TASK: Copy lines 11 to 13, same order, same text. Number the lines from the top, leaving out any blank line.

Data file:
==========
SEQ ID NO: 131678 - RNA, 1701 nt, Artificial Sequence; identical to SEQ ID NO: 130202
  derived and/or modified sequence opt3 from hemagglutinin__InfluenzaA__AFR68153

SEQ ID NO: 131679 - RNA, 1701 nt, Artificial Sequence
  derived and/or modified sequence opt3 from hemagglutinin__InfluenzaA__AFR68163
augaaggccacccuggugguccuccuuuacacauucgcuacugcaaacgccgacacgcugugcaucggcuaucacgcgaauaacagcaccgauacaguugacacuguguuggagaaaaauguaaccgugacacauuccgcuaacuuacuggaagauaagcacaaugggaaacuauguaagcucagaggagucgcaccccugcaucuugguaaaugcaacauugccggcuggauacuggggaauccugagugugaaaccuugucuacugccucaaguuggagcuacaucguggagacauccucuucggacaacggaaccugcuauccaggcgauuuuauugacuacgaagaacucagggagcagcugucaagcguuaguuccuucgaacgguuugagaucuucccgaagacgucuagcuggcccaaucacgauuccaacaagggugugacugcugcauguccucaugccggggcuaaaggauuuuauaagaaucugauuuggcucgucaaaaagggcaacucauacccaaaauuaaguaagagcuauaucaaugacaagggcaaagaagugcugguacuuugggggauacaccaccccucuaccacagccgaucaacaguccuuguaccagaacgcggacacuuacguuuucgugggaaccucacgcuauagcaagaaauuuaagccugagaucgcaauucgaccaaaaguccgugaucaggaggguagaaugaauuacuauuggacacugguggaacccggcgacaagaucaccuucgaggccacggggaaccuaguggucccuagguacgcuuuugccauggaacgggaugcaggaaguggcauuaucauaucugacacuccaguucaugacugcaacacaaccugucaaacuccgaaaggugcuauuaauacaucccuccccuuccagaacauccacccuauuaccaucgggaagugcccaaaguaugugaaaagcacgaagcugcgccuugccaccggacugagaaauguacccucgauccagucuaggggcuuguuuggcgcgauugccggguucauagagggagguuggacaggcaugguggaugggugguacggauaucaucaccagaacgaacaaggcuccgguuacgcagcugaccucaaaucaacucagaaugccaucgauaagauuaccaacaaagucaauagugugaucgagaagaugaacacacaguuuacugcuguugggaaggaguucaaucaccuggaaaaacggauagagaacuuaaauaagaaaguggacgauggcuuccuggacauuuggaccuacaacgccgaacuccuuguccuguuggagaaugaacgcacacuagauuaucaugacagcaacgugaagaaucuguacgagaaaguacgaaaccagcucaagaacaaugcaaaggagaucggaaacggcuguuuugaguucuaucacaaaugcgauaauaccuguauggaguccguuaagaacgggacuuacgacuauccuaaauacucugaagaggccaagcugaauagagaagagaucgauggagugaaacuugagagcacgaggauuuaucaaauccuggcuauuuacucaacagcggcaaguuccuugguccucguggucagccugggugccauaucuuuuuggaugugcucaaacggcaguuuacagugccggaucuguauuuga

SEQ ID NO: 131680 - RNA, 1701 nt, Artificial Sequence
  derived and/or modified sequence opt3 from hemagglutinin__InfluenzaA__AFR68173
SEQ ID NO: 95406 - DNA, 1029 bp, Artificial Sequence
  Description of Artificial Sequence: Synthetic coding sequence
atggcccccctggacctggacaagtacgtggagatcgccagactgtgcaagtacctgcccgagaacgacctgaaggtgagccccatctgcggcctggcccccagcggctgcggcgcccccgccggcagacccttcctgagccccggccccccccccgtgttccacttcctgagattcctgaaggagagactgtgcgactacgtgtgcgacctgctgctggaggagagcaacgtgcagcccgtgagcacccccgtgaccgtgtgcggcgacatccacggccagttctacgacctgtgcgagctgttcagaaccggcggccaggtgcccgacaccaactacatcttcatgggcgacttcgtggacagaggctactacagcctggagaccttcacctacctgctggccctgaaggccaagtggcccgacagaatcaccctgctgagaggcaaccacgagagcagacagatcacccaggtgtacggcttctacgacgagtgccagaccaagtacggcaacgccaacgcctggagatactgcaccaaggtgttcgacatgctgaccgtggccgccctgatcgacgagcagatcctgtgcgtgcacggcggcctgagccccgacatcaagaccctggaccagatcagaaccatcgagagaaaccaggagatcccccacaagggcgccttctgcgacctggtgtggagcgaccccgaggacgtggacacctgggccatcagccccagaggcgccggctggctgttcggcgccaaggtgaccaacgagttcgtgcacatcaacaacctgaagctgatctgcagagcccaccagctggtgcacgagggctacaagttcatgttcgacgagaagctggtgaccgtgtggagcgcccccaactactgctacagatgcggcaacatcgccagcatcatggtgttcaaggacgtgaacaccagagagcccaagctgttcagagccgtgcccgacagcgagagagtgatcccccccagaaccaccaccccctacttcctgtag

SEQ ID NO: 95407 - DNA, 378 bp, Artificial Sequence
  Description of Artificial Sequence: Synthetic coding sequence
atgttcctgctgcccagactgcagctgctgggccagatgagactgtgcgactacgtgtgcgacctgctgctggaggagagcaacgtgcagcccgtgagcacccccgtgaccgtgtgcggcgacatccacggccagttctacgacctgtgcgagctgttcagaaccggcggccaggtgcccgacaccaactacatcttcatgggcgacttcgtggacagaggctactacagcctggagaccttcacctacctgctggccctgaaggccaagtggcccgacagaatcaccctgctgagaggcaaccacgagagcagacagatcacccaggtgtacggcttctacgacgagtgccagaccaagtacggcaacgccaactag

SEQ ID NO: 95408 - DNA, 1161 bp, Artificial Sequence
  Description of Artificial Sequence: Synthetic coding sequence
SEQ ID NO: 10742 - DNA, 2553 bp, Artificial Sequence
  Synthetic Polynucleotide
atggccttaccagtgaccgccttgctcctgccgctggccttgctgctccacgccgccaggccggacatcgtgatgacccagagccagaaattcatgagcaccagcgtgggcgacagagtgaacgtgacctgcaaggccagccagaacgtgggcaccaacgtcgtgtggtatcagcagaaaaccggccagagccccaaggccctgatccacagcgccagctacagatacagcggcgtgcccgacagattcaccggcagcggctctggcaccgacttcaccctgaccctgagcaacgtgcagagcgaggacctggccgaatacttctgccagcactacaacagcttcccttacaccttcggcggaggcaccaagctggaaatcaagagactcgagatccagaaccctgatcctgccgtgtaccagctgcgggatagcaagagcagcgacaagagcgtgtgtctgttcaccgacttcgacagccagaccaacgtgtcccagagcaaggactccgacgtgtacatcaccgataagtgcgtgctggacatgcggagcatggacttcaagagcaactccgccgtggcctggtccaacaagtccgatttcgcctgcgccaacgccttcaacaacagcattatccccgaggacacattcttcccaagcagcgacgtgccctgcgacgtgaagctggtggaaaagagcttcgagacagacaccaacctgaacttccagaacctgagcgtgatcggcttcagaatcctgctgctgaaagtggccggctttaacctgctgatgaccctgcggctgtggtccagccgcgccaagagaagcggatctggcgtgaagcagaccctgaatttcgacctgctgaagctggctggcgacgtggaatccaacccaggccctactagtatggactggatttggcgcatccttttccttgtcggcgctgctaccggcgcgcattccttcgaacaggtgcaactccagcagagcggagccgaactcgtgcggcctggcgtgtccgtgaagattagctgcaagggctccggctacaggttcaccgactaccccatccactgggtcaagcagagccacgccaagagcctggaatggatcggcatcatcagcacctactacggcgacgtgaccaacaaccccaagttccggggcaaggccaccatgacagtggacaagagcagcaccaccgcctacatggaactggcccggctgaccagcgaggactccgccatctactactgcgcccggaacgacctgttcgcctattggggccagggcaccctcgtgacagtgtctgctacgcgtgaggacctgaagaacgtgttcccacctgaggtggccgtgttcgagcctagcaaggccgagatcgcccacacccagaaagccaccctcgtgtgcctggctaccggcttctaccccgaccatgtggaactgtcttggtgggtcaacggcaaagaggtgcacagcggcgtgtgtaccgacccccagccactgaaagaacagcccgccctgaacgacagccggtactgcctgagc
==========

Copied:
SEQ ID NO: 95407 - DNA, 378 bp, Artificial Sequence
  Description of Artificial Sequence: Synthetic coding sequence
atgttcctgctgcccagactgcagctgctgggccagatgagactgtgcgactacgtgtgcgacctgctgctggaggagagcaacgtgcagcccgtgagcacccccgtgaccgtgtgcggcgacatccacggccagttctacgacctgtgcgagctgttcagaaccggcggccaggtgcccgacaccaactacatcttcatgggcgacttcgtggacagaggctactacagcctggagaccttcacctacctgctggccctgaaggccaagtggcccgacagaatcaccctgctgagaggcaaccacgagagcagacagatcacccaggtgtacggcttctacgacgagtgccagaccaagtacggcaacgccaactag